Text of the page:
September 22, 2009

Shortstack survival in the EPO...

Apologies for the delay on updating, things have been pretty busy with the baby, as you might imagine. The only poker I've played since he was born was at the inaugral EPO last week.

I met up for a meal with Tom Rutter, Stu Rutter and Mike Miller before kick-off which psyched me up for the tournament nicely. I took to my seat just a couple of minutes late. I was pretty happy with the draw as the only person I recognised on the table was Scott O'Reilly, an old mate who knew all my Uni mates that played poker. It turns out I accidentally sat at table 36 seat 7, instead of table 37 seat 6, and in doing so ducked a table with Annette Obrestad and Praz Bansi on it! I didn't even find this out until the break, and by then they'd worked around it.

I was a little unlucky early doors, the only time I picked up Aces in the whole of the tournament was in the first level. I c-bet a J78 flop after being called on the button. He raised and I called. I then check-folded face up on the Jack turn, and he showed me AJ. In the third or fourth level I then had the unthinkable happen. Surinder Sunar, potentially the slowest acting person in the game, called the clock on me! This didn't exactly help me make what I think was the wrong decision to fold to a third barrel on a T8xKx board that was effectively for my tournament life (He bet 4k, I had 6k back and it was a 6k pot) having called an UTG raise with JJ whilst 1+UTG. I really, really wanted to call, as it looked like either nuts or air...with a very real possibility of air...but I just couldn't quite do it.

This was the last point in the tournament I ever had the chance to be above average chips. From this point I went on a somewhat remarkable run of being the short-stack, but doing just enough to survive. Once the 200/400 level hit. I rarely had more than 12 big blinds to my name. The MTT SNGs I play rely heavily on push-fold strategy, and I was very confident I could make my short-stack count, or at least make the correct plays at each point in time.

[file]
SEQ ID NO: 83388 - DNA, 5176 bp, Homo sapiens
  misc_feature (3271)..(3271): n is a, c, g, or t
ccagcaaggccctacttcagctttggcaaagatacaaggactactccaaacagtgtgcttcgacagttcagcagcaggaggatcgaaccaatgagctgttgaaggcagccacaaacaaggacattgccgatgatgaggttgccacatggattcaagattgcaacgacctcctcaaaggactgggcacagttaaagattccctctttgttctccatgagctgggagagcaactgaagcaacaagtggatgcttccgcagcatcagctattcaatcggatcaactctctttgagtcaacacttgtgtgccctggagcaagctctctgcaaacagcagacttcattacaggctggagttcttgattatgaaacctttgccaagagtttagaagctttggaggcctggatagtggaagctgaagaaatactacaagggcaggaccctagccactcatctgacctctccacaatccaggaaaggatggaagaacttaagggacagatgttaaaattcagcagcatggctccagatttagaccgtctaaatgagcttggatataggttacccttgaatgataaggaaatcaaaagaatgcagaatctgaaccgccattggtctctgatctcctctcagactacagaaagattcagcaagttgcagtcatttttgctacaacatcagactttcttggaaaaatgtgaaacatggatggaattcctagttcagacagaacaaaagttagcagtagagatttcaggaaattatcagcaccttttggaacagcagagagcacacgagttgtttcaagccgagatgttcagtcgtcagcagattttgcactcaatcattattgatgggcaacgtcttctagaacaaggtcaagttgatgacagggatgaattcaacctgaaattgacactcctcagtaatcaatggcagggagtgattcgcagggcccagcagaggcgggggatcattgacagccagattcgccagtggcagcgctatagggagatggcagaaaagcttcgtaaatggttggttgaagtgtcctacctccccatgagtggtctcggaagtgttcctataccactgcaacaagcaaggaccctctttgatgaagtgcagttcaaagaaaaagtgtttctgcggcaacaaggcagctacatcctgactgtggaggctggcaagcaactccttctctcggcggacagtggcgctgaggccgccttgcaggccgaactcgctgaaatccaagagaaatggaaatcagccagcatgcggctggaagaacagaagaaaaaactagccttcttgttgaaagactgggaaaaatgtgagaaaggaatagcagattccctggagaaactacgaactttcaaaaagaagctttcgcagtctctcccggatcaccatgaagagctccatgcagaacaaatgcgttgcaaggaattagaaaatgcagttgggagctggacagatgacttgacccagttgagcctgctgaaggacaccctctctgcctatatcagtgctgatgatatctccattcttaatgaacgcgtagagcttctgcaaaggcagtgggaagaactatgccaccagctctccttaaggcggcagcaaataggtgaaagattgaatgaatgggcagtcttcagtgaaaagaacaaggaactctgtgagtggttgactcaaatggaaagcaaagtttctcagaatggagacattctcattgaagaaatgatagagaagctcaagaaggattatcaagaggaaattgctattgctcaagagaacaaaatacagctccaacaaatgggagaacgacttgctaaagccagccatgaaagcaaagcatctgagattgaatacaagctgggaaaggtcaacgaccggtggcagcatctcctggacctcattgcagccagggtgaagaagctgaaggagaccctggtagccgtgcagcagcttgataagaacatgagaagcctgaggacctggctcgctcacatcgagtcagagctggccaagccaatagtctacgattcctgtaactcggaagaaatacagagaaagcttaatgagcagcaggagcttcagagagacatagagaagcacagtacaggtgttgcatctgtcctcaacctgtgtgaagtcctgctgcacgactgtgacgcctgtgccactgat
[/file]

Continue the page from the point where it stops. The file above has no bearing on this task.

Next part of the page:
I picked my spots carefully, trying to avoid having to face an all-in showdown. Upon moving tables to eventual runner-up Michael Tureniec's table, literally every hand was open raised (mostly by him) and I just couldn't find a spot to shove. I'd look down at 44 or KTs and be rubbing my hands in glee at being able to shove the button, but that opportunity never arose and I'd have to fold to the open raise. I remember picking up 77 and thinking, finally I can re-shove on this guy...only for it to be opened and 3-bet infront of me!

Upon noticing my grind through the levels, always at the bottom of the pack but somehow avoiding elimination, people said to me I must have been really lucky, as I must have been all-in so many times. Whilst it's true I shoved in rather a lot, I was actually only at risk of elimination 6 times throughout the 2 days I survived in the tournament (which was 18+ hours of play):

Day 1
AJ > T4 at 300/600 (I shoved 3.8k from early position, big blind called)
AQ > A5 at 400/800 (I shoved the big blind after the small blind raised, he called)

Day 2
Q6ss > KJ on Ks 8s 6c at 1200/2400 (I check-raised shoved the flop from the small blind after UTG and the button limped preflop)
QQ > AK at 2000/4000 (I just about 4-bet shoved, he called the little bit extra)
AT tied AT at 4000/8000 (I shoved the button for 9 big blinds, big blind called)
24s lost to A6 at 5000/10000 (I shoved for 45k 5 handed UTG, fairly standard...)

My peak in chips was comically about 90,000 after I won with the Queens (there was 2 million in play, and at this point we were down to 2 short-handed tables, and this represented the first time I was slightly better than half average chips at any point in the tourney other than the early going. Consequently I couldn't be too disappointed that I bust in 10th place (out of 213 runners), although naturally it did kinda suck to miss out on the final table. I bagged £9k for the win, although having sold a fair proportion of myself I only took £3k of that. Still, this came at a very opportune time with the birth of the baby, and not having the time to play at the moment. I'm happy with the result, especially clinging on the way I did for so long.

How sick it would have been to win though. Not just for the £70k of the £210k first prize I'd have shipped, but also to see Mick McCool's face upon me putting a cheque for £50k in his hand, all because he asked me to help him out with his blog a couple of weeks back!

Me with Andy Greekfish

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3 Comments to "Shortstack survival in the EPO..."

Anonymous said...

I was glued to Blonde waiting for updates. Well played sir

badcallthat said...

your SNG knowledge obvs helped massively there! wp you shortstack ninja! hope the baby and the missus are good

Unknown said...

Thanks guys hehe.

Mother and baby doing v.well tar :)